In about two weeks balloonists from all over the planet will descend upon our ciudad bonita for the big annual fiesta. That’s an impressive event, and I encourage people to check it out.


That’s just one way of experiencing Albuquerque. That's the Prom date way – you know, the guy with the flashy tux, the rented limo, and the aftershave you can smell from a mile away? 


Me? I prefer picnic dates with the guy next door. You know, the nice guy who scrapes together the money to buy a beater car, works two jobs to pay the rent (and helps out mom with her cell phone bill), who drives you to the foothills overlooking the city, spreads out a blanket on the dirt, and feeds you a feast he's put together himself.

That steals my heart like no prom date flash ever could.


This weekend you have a chance to attend the fiesta version of a picnic date: the Carnuel Road Parade and Fiesta on Saturday, September 22 from 11 am to 2 pm. It is an awesome home grown parade and fiesta celebrating two historic communities of Albuquerque: Sawmill and Wells Park. Just go!


Wait a minute… Carnuel Road, you say?


Yes, Carnuel Road. We know it as Mountain Road.


There’s an interesting history behind this.


Back in the day, loggers would bring their logs down from the mountains into the city. The road they used?


Carnuel Road.


It was a dirt road then, and travelling from Carnuel to Albuquerque was a full day’s journey, according to the late Tomas Herrera, a longtime East Mountain resident who made this trek on a horse-drawn wagon as a boy, delivering cut pinon and juniper to Old Town Albuquerque.


You might be wondering: Carnuel? Sounds familiar, but I can’t place it…


This might help. 


The Cañon de Carnuel Land Grant dates back to 1763. Unlike most of the other Spanish land grants, the community of Carnué was settled by genízaros – formerly enslaved non-Pueblo Indians who adopted Spanish lifestyles. 

The motivation behind this land grant wasn’t pure benevolence – a gesture of reparation to slaves – but an instrumental one. Carnué served as a buffer between the civilization (note the dripping sarcasm!) of Albuquerque and the roaming tribes of Indians (yup, I’m deferring to local preference with this term – I was once schooled by a Lagunan for using “Native American” in this town).  If you wanted to raid Albuquerque from the east, you had to go through Carnuel first.


I want you to note the date of the establishment of Carnuel – 1763 – and compare that with this date: 1862.  In 1862, Congress passed the Emancipation Act, which freed all slaves in the District of Columbia. Owners were paid for their slaves – the official title of the bill is the District of Columbia Compensated Emancipation Act. The Emancipation Proclamation came later – this was the first step toward freeing slaves for the United States of America). Connect the dots: in 1763 former slaves were given a home in Cañon de Carnuel, right there off I-40. One hundred years later, President Lincoln signed the Emancipation Proclamation, an executive order -- this means it was not passed by Congress. You know the rest...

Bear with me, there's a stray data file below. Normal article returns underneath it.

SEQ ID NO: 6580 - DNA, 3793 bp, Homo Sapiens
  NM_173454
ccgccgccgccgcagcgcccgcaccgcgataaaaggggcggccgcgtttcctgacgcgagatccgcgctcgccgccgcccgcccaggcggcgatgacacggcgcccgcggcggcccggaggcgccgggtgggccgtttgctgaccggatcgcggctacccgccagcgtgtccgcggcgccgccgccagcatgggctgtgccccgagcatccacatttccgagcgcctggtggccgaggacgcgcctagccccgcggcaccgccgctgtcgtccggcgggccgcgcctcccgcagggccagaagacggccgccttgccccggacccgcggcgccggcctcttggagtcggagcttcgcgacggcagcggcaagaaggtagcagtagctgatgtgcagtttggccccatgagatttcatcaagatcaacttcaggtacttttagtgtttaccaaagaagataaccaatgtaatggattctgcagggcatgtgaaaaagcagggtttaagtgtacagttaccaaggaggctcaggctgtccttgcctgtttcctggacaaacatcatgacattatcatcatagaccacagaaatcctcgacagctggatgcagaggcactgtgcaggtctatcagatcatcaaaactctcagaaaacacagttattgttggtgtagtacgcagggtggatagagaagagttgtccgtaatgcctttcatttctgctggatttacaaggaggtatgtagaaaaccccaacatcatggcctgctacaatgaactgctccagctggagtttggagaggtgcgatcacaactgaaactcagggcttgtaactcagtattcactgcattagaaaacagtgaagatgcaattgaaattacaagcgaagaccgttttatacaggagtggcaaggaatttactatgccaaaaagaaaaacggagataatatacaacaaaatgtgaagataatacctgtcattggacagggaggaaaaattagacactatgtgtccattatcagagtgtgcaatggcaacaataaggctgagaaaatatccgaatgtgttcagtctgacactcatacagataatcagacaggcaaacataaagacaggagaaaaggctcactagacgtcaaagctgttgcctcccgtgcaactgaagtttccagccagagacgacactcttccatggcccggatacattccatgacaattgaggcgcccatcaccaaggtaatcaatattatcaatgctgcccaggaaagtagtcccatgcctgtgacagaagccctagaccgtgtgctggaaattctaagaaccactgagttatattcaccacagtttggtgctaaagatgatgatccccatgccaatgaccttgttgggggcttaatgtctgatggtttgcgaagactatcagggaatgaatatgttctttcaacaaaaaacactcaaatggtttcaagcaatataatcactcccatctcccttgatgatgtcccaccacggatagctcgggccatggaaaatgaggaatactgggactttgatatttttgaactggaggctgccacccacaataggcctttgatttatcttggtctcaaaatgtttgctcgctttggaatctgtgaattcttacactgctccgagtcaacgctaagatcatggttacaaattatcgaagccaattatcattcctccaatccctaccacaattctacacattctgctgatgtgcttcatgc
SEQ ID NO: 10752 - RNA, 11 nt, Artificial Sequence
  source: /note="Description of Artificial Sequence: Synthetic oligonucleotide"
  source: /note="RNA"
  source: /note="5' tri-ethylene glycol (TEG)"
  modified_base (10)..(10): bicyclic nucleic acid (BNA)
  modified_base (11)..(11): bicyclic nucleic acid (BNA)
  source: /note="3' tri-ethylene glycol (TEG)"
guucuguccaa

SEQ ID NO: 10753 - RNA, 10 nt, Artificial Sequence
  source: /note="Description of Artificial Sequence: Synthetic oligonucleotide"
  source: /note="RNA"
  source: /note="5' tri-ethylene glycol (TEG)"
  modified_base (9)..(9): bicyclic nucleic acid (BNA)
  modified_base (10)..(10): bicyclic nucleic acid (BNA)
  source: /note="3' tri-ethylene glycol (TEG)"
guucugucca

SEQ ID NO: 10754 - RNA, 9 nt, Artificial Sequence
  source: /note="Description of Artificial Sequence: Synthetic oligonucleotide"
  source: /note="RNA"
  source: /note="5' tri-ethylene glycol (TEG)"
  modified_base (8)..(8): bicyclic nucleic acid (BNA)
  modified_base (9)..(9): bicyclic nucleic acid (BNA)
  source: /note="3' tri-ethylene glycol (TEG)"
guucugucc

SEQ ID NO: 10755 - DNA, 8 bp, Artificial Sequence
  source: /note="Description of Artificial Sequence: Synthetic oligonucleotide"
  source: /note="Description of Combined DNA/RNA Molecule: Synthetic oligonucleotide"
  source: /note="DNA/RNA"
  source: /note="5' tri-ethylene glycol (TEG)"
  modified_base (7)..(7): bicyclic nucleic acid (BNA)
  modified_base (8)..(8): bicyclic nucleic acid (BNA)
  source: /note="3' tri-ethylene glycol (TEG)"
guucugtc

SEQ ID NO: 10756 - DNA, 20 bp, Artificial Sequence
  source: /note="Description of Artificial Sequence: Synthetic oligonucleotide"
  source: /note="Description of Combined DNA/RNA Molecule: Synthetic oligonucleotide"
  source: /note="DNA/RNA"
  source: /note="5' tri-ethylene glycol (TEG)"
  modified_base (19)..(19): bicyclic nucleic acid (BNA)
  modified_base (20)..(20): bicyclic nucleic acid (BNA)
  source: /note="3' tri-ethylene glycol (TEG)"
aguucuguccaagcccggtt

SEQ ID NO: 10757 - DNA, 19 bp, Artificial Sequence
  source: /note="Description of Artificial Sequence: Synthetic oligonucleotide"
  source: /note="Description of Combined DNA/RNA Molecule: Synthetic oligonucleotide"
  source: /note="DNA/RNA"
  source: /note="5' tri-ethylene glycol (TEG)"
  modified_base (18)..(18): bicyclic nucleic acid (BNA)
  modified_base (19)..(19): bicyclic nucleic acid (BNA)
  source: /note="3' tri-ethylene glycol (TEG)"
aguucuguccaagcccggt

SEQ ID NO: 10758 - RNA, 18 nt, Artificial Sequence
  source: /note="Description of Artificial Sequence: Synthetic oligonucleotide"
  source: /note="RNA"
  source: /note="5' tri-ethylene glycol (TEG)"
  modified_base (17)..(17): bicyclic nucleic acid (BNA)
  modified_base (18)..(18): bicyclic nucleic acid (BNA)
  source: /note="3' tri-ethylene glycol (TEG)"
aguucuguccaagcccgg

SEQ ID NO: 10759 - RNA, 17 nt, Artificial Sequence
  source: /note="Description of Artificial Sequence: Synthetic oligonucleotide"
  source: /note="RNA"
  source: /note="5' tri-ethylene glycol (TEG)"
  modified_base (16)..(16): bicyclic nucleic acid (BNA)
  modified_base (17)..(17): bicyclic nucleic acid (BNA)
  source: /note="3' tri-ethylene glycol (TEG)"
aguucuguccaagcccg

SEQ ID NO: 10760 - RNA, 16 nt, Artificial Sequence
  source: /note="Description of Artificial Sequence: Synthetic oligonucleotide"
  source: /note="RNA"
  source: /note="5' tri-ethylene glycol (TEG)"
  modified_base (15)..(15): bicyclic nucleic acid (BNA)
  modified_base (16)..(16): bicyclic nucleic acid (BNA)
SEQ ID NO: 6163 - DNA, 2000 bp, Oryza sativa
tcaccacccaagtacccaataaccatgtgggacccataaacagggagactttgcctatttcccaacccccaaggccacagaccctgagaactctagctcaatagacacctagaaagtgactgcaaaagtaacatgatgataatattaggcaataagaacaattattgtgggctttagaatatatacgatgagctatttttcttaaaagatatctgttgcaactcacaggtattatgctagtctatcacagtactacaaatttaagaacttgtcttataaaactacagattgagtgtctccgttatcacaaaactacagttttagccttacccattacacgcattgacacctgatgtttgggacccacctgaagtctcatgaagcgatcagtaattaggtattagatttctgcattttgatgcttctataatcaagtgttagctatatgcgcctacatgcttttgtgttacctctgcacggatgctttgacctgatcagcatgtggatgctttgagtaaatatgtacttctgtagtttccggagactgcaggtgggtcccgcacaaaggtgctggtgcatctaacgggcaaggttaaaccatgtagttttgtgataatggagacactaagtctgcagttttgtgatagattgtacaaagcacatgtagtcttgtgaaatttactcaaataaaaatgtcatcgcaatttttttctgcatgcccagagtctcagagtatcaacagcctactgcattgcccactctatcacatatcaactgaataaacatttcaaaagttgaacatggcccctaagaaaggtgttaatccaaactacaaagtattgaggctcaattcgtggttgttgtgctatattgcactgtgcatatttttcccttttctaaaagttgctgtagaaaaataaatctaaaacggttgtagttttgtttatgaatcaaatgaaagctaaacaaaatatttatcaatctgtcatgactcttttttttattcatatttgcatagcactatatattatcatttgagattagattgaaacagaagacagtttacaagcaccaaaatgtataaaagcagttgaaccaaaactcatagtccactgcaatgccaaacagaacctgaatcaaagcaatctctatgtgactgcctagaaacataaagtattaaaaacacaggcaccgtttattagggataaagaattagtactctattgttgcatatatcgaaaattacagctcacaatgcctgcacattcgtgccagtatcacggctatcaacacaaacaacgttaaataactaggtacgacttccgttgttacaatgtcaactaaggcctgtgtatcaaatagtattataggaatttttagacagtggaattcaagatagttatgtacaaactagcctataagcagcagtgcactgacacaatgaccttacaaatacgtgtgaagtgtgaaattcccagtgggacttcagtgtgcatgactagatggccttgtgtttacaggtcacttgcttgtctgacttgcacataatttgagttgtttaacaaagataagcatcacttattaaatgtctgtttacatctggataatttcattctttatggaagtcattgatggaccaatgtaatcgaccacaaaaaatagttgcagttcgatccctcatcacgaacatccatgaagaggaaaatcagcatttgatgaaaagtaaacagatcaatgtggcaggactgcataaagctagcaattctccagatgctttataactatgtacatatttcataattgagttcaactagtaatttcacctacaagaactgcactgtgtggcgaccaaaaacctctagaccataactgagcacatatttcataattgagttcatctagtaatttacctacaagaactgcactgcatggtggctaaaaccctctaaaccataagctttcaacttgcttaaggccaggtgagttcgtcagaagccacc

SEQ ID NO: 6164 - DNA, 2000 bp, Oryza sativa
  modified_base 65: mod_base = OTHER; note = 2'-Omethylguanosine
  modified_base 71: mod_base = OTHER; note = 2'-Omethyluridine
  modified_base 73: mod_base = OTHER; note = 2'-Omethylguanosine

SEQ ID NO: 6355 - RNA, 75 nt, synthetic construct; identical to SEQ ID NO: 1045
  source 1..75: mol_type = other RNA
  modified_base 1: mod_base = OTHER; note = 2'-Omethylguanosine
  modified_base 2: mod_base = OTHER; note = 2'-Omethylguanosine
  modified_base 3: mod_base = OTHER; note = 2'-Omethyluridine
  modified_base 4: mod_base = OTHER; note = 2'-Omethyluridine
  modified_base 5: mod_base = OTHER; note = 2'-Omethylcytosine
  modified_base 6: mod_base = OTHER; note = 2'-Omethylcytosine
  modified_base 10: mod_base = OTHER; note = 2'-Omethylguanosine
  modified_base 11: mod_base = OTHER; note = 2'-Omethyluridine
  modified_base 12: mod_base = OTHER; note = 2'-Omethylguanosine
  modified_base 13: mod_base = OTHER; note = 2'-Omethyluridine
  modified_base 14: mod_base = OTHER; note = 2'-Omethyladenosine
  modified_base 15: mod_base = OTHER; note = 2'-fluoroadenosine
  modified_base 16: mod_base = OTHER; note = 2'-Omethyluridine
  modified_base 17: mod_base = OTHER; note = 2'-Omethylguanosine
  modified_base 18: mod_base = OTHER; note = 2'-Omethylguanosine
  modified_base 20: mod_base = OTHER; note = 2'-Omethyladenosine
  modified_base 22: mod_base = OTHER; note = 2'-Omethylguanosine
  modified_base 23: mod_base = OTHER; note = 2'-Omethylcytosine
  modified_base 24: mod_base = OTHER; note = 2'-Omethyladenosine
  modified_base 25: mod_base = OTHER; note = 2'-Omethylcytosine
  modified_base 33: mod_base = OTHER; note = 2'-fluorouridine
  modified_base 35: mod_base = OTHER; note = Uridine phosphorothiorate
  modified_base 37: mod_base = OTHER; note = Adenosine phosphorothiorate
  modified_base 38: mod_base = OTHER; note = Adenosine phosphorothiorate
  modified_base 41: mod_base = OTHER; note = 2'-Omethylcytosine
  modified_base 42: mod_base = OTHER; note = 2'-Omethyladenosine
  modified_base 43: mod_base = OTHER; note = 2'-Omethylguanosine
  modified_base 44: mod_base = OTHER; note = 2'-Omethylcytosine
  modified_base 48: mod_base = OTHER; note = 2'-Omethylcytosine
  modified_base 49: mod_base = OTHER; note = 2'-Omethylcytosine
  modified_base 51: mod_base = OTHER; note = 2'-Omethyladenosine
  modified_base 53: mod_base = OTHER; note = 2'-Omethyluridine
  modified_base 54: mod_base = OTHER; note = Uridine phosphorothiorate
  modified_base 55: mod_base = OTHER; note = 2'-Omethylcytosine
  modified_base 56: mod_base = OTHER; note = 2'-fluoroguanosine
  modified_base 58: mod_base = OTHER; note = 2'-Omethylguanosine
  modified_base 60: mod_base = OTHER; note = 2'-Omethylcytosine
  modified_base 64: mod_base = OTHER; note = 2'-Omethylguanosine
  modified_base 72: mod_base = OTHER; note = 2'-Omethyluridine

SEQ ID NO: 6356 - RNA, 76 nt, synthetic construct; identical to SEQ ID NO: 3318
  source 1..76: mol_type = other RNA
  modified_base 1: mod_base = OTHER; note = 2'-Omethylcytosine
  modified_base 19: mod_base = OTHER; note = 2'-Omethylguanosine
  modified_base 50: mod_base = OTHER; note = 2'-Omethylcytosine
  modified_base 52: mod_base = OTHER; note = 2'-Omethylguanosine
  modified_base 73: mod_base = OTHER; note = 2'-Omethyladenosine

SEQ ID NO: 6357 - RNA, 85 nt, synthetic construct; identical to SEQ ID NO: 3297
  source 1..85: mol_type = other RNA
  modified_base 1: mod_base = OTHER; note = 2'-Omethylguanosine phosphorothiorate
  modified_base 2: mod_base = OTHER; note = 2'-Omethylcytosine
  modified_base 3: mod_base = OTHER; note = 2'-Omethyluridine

Now, New Mexico didn’t enter the union until 1912 (you have been paying attending to the celebrations this year, sí?) and this talk of slavery in a far distant place and time may seem to have nothing to do with us today. 


But let me offer up a tenuous connection.


As regular readers of my blog know, I’m a philosopher by profession. I work in a niche area of philosophy called disability bioethics, which means the things I think about most are ethical questions related to people with disabilities. Topics like distributive justice, normalcy, and group rights occupy my thoughts most days.  The history of how disabled people have been treated in this country isn’t always pretty, but it isn’t the sordid history of slavery, either.


There’s one thing that does connect these histories, though, and that is dehumanization. Just as slaves were viewed as less than human, so were people with disabilities. On my bad days, I worry that the view that people with disabilities as subhuman still prevails behind closed doors, though people usually won’t admit to their prejudices in public.


The Carnuel Road Parade and Fiesta has a disability tie-in.  There’s a Buddy Walk happening on Saturday in conjunction with the parade! Buddy Walks were started by the National Down Syndrome Society to promote inclusion and Down Syndrome awareness. This Buddy Walk is sponsored by the Rio Grande Down Syndrome Network and goes from the Harwood Center to Tiguex Park, where the fiesta is happening from noon to 2 pm.


You can support a good cause by walking, but you can do something else at the Carnuel Parade and Fiesta. Show people that you care about inclusion by including them. Just as you might strike up a conversation with an apparently able-bodied person at the fiesta, do the same with people with disabilities. Don’t patronize – just talk!


Here’s the scratch on the parade and fiesta:

  • The Buddy Walk starts at 11 am at the Harwood Center on 7th and Mountain Road NW.
  • The Carnuel Road Parade also starts at 11 am at the Harwood Center.
  • The Carnuel Fiesta is at Tiguex Park (at Mountain and 19th Street NW) and runs from noon to 2 pm, with lots of cool music and fun activities. See here for more deets. 

Kudos to the Harwood Art Center, Wells Park, Downtown & Sawmill Neighborhood Associations, The Rio Grande Downs Syndrome Network and the Sawmill Community Land Trust for their support.








Views: 517

Comment by Clifton Chadwick on September 21, 2012 at 11:48am